According to government sources, this report says Japan may soon raise the age of cattle for beef to 30 months or younger from the current 20-months or younger for the U.S. and Canada, with Japan Prime Minister Noda Yoshihiko (surname first) likely to make the announcement in November at the Japan - U.S. summit meetings with President Barack Obama.
It is thought that simply by raising the restriction from 20 months and younger up to 30 months or younger, it could be worth about $1-billion in beef imports a year.
Just don't expect thing to moo-ooove quickly, as there are still a lot of details to figure out.
Japan and the U.S. been at odds over Japan’s beef import restrictions for the past eight years when it banned U.S. beef imports in 2003 after bovine spongiform encephalopathy (aka mad cow disease) was discovered in cattle in the U.S. and Canada.
In December 2005, the government partially resumed imports but only of boneless beef from cattle aged 20 months or younger following a recommendation by the Food Safety Commission.
(Ed. Note: I've been eating a lot of beef, and I'm fine. I'm fine. I'm fine. Moooooooooo!)
Imports from the U.S. were halted again in January 2006 after bone material was found in a shipment of beef.
Under the restrictions, meat containing spinal chords, vertebrae, brains and bone marrow is banned. The government resumed U.S. beef imports in July in the same year, based on results of inspections conducted by safety regulators in the U.S.
Japan has allowed imports from cattle 20 months or younger since 2006, but the U.S. wants full access for beef from cattle of all ages.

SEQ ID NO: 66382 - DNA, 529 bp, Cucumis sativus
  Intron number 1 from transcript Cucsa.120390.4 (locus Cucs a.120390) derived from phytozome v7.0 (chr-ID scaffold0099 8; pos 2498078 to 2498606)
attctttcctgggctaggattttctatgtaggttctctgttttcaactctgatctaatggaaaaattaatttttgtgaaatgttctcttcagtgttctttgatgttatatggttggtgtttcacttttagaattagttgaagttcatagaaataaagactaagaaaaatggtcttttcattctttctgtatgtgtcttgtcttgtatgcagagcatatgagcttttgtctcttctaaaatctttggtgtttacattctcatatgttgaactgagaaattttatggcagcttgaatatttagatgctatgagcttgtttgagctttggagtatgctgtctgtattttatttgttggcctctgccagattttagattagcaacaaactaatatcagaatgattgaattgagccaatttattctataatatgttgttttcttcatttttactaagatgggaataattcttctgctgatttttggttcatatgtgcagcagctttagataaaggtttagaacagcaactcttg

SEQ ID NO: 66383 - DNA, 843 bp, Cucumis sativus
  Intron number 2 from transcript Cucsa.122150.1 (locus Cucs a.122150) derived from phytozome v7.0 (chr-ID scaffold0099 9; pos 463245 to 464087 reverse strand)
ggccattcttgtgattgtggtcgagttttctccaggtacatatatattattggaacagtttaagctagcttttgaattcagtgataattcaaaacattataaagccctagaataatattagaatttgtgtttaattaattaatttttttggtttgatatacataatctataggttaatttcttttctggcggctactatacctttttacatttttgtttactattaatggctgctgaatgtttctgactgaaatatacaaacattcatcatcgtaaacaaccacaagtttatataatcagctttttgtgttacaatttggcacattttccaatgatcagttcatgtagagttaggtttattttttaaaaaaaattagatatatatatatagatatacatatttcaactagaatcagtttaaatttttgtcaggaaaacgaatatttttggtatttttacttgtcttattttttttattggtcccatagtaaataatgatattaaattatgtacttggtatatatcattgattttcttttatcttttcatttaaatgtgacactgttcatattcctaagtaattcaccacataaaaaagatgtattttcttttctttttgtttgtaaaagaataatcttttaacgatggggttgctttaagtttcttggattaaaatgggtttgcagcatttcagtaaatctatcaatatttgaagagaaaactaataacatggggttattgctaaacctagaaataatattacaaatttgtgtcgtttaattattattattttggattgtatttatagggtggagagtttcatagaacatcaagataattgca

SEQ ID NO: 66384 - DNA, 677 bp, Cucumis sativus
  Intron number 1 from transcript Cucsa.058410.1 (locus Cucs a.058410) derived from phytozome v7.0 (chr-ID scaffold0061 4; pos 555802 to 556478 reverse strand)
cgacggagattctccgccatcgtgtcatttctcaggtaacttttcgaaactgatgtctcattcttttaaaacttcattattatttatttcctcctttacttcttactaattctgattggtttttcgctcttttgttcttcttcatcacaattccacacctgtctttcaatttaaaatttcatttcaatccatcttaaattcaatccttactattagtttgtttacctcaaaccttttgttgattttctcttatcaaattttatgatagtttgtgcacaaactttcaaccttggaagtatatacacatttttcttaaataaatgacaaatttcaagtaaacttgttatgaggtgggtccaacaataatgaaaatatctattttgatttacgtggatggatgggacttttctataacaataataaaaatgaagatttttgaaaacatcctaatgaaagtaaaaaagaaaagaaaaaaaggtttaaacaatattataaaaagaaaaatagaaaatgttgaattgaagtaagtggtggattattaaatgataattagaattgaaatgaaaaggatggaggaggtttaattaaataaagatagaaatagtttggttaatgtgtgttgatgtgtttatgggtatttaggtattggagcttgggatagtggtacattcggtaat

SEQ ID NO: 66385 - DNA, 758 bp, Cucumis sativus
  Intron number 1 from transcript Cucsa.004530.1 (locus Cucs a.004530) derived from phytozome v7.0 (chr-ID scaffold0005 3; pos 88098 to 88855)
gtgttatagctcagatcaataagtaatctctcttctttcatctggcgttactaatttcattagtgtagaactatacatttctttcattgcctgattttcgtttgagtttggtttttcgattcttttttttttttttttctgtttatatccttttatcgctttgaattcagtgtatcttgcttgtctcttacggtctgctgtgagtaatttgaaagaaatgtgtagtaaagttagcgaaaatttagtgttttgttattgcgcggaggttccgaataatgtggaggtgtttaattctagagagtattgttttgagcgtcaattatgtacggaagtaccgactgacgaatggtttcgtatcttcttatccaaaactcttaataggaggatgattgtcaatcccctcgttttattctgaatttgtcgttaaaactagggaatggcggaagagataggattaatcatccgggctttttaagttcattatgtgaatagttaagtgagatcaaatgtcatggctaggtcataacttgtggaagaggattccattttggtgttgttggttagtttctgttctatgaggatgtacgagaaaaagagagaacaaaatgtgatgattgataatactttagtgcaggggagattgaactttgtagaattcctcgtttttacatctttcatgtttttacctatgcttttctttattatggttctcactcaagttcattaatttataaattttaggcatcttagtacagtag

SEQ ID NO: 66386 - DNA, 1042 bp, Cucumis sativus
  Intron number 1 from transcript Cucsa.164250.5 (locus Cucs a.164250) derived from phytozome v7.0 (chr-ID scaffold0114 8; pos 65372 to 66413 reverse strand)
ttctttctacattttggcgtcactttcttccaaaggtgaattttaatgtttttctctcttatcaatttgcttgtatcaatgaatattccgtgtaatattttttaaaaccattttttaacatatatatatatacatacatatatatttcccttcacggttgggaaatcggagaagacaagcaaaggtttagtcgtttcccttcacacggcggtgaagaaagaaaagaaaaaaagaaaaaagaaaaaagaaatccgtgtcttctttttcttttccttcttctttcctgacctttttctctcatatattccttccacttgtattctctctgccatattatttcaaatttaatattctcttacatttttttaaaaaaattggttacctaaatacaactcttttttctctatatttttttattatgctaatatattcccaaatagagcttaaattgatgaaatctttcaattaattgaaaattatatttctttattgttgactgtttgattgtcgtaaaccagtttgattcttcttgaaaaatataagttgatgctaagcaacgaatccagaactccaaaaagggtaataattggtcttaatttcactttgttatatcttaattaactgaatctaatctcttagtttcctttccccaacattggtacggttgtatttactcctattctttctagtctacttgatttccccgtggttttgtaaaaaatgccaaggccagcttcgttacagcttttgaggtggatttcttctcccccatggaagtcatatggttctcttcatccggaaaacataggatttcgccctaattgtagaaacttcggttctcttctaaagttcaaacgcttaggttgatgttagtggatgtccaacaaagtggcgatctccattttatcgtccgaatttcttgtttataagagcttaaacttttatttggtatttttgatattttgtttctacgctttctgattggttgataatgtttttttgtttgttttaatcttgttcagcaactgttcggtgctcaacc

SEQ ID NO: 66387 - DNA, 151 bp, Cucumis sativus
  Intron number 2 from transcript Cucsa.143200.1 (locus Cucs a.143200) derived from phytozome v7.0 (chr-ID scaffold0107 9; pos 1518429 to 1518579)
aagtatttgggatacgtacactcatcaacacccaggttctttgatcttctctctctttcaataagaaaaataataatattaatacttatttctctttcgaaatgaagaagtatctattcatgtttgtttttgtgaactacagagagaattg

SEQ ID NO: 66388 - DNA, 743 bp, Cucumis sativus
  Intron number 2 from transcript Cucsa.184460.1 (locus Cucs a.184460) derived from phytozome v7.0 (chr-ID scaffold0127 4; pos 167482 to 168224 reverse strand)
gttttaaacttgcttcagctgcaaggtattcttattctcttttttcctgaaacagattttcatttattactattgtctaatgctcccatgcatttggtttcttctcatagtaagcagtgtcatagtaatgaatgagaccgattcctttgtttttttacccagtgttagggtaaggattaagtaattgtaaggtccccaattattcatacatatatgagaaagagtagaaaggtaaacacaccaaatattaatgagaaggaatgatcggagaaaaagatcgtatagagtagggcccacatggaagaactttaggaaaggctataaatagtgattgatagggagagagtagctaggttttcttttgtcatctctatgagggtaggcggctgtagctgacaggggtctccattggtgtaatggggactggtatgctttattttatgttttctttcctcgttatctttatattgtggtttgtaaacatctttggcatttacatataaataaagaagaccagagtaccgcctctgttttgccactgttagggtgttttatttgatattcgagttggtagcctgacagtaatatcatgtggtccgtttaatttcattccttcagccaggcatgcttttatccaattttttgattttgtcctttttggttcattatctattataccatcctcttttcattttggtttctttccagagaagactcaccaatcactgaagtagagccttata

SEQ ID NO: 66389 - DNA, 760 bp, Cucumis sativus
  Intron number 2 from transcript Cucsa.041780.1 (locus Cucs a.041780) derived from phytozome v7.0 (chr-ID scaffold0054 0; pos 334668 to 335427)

Cattle age restrictions for beef from Canada will also be eased from the current 20 months or younger to 30 months or younger. Although the government has not permitted beef exports from France and the Netherlands, both countries have urged Japan to resume imports.
Regarding France and the Netherlands, beef cattle of any age has been banned as Europe had more outbreaks of BSE than North America. Easing the restrictions on these two countries may mean that Japan will allow imports of cattle aged 20 months or younger.
(Ed. Note: By that same mad cow reasoning of mine, that means that both France and the Netherlands may get full access beef to Japan of 30 months after an additional eight years).
Imports stood at about 99,000 tons in fiscal 2010 due to the restrictions down from 240,000 tons in fiscal 2002.
To coincide with the possible relaxation of import restrictions, the government also plans to relax inspections on domestic beef. The current target age for BSE inspection on domestic cattle is 21 months or older.
However, if the age limit of U.S. beef is relaxed to 30 months or younger, it is likely that inspections of domestic beef will also be relaxed to 31 months or older.
At present, prefectural governments inspect cattle for consumption aged 20 months or younger. If the age limit restriction is eased, it is likely that the prefectural governments will be faced with an increased workload.
Files by Andrew Joseph